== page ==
What Is A PEO & Does Your Business Need One?
PEOs are human resource companies that contract with small and mid-size businesses to manage HR services, payroll, employee benefits, and tax administration.
What is a professional employer organization (PEO)? PEOs specialize in sharing employer responsibilities with business owners. In a sense, PEOs are experts in co-employment.
Whether you’re looking to save time or simply want to put your trust in the professionals, PEOs can handle a variety of a business’s operational tasks from running payroll to setting growth strategies.
Not sure if a PEO is the right move for your business?
Keep reading for an in-depth explanation of PEOs and what they can do for your business.
Table of Contents
What Is A PEO?
A professional employer organization (PEO) is a human resource company that enters a co-employment contract agreement with businesses and takes on the bulk of HR and employee management responsibilities.
PEOs can take over a business’s HR responsibilities, including running payroll, tax administration, benefits administration, and other talent management tasks.
How A PEO Works
PEOs and businesses must enter a co-employment agreement, in which the business owner and PEO share the business’s legal and tax responsibilities. Generally, this agreement allows PEOs to perform employer-specific tasks, such as payroll and benefits administration while leaving decision-making and leadership in the hands of business owners.
While the IRS does not formally recognize the concept of co-employment, the organization designates PEOs as payers, if they have entered an agreement with a business to:
- Recruit and hire employees
- Hire employees under the PEO’s company and lease them out to the businesses
- File employment tax returns under the PEO’s EIN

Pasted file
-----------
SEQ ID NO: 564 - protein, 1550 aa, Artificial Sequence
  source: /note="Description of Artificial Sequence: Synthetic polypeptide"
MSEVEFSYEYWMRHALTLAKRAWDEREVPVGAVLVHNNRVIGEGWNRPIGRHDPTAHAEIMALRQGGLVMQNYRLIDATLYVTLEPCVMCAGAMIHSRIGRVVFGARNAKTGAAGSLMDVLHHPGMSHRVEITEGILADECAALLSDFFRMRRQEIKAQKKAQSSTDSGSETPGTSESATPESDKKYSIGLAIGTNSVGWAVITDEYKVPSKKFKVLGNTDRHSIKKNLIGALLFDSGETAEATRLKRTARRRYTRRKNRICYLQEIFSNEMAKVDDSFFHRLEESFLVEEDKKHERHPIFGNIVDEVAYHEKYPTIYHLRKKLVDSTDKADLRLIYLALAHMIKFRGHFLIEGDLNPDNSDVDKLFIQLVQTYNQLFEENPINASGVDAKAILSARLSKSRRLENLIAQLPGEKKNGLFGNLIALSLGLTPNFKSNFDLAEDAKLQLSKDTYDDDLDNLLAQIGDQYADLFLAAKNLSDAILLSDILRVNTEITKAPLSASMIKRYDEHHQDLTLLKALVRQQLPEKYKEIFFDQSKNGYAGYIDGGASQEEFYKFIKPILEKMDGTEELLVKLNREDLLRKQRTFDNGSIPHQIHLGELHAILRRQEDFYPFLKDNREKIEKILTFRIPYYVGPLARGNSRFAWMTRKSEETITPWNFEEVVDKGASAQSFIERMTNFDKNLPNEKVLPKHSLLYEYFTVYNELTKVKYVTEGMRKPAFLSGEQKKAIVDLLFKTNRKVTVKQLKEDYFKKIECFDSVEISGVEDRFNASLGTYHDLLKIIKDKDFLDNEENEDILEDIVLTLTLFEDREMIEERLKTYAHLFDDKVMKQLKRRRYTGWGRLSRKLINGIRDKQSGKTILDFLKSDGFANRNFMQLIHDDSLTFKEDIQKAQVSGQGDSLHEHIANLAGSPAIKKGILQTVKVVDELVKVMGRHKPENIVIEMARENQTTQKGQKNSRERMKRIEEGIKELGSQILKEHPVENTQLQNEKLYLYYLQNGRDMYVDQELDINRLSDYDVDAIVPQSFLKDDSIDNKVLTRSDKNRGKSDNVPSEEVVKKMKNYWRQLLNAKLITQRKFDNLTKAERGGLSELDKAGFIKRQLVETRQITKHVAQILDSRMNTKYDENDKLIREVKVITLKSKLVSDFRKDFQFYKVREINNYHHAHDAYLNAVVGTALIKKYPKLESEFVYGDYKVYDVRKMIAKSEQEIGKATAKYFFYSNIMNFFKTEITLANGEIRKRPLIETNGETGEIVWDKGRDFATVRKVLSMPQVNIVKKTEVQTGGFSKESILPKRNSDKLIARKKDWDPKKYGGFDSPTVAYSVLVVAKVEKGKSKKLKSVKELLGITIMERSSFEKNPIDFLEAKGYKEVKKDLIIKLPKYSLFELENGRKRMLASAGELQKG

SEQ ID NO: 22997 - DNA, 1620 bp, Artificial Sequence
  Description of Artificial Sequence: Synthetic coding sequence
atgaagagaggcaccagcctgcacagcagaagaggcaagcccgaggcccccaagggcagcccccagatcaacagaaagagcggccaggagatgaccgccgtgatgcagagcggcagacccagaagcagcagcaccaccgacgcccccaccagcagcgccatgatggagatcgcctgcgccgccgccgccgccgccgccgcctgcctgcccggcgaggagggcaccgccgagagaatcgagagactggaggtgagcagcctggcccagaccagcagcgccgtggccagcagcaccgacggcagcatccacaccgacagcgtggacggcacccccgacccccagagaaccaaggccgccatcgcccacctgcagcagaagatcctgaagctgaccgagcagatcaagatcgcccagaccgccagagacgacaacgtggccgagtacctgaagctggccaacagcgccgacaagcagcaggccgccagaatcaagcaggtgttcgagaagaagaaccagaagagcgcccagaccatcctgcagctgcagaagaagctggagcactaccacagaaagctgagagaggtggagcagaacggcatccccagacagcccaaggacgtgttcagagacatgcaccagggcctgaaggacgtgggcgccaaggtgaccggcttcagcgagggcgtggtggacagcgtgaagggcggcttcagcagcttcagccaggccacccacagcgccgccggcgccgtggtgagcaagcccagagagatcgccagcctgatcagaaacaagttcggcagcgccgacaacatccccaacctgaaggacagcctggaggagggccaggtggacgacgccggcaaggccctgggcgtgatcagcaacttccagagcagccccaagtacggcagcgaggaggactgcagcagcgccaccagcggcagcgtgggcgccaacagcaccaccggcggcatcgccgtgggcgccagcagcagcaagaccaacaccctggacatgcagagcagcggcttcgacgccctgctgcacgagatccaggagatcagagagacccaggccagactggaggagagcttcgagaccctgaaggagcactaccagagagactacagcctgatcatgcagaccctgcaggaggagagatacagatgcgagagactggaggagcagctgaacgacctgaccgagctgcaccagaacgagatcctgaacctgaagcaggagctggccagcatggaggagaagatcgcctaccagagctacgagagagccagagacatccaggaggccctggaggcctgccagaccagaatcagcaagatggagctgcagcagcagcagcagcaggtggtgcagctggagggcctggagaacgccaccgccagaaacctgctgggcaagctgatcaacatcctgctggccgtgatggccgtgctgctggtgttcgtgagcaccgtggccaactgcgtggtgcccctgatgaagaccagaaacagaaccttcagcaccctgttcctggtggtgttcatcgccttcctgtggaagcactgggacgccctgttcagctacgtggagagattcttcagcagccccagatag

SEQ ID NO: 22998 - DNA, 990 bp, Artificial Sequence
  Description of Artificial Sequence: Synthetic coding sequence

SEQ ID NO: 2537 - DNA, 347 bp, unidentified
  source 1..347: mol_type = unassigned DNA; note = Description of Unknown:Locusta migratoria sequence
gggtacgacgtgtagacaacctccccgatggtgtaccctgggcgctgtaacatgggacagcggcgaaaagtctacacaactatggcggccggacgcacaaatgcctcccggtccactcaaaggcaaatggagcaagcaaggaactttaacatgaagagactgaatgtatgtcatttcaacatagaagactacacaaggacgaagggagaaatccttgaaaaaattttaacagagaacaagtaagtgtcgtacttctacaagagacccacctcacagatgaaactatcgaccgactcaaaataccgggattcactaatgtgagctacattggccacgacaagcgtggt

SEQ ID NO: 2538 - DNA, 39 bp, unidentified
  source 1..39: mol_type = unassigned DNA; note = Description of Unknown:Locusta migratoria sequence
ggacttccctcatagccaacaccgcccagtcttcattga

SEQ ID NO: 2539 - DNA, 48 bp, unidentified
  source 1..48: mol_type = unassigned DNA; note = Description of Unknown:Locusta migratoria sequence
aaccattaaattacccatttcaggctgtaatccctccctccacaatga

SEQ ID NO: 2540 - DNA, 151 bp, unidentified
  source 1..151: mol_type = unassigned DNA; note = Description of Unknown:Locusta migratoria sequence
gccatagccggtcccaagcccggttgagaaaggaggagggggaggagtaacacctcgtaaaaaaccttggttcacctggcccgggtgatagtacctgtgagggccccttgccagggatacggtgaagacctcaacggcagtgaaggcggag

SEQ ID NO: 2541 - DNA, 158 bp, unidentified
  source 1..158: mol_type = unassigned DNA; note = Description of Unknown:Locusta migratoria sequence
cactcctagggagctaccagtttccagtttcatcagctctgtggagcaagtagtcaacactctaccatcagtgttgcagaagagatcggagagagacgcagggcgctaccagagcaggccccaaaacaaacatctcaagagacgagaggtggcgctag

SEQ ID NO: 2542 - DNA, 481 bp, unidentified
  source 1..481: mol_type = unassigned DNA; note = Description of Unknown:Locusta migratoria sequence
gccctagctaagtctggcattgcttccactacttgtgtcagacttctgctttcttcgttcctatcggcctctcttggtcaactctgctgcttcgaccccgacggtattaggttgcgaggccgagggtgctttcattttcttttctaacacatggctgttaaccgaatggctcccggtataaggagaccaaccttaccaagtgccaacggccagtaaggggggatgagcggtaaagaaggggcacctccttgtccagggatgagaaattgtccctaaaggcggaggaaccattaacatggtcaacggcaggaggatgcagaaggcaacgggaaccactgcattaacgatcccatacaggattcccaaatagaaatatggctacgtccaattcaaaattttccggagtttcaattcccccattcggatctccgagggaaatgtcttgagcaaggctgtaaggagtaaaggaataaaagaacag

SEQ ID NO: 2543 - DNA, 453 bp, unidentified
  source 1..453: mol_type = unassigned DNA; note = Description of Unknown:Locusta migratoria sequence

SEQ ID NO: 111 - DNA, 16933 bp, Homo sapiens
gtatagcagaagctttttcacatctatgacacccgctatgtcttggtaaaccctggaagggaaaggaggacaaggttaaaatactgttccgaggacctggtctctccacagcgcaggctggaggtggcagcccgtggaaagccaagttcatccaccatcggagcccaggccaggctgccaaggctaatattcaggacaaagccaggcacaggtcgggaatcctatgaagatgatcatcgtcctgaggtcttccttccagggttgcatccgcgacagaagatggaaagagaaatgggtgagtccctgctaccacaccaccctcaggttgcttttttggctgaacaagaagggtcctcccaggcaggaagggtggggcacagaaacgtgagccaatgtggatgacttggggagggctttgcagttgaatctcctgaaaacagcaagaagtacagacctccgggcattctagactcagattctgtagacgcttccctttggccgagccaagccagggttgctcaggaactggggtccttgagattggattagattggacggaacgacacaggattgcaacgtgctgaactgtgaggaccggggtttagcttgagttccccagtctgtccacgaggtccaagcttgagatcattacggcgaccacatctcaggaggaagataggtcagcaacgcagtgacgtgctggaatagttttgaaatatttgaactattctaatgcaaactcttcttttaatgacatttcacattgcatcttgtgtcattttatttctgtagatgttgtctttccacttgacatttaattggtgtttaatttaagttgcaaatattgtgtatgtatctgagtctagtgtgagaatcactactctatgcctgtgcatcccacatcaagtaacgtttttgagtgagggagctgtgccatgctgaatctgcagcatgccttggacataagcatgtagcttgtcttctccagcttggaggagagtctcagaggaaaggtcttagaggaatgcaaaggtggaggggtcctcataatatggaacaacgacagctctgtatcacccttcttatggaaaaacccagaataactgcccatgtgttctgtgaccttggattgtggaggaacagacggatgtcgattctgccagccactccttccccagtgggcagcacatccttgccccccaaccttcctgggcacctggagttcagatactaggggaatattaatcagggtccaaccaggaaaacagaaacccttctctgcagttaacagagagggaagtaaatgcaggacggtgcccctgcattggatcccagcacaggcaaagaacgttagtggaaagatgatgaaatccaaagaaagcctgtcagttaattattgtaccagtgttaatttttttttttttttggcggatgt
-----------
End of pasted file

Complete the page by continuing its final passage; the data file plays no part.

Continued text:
When a PEO has fulfilled these requirements, they are legally allowed to claim the title of employer and can legally perform employer-related functions for your business, including running payroll, paying taxes, administering benefits, and more.
Tasks PEOs Can Handle
Although PEO responsibilities vary by contract, PEOs can handle the bulk of a business’s payroll and HR tasks, including compliance support, payroll, employee benefits, and much more. PEOs can take on the following tasks for your business:
- PEOs Can Handle Businesses’ Payroll: Whether your employees are full-time, part-time, tipped workers, or 1099 contractors, a PEO can make sure everyone gets paid on time. This can include more complicated functions, such as garnishments and deductions. PEOs operate using payroll best practices and pass that service onto your business.
- PEOs Can Manage Benefits Administration For Employees: PEOs can acquire better employee benefits than you’d get on your own, including medical, dental, vision, retirement plans, life insurance, and workers’ compensation. They can also handle the administration of these benefits, ranging from onboarding to processing claims.
- PEOs Can Help Businesses Stay Compliant: Staying up to date on compliance and HR regulation can be difficult. PEOs are able to offer guidance and cover the bases for payroll taxes, IRS reports, and other requirements.
- PEOs Can Establish Or Grow Businesses’ HR Resources Library: PEOs can customize resources like employee handbooks and written job descriptions for small businesses.
- PEOs Can Aid In Businesses’ Strategic Planning: Working with a PEO can help revise a business’s mission statement, vision, and organizational culture.
- PEOs Can Perform Recruitment & Screening Tasks: Between posting jobs, vetting candidates, and onboarding new hires, a PEO can handle the details so business owners can focus on choosing from a selection of top candidates.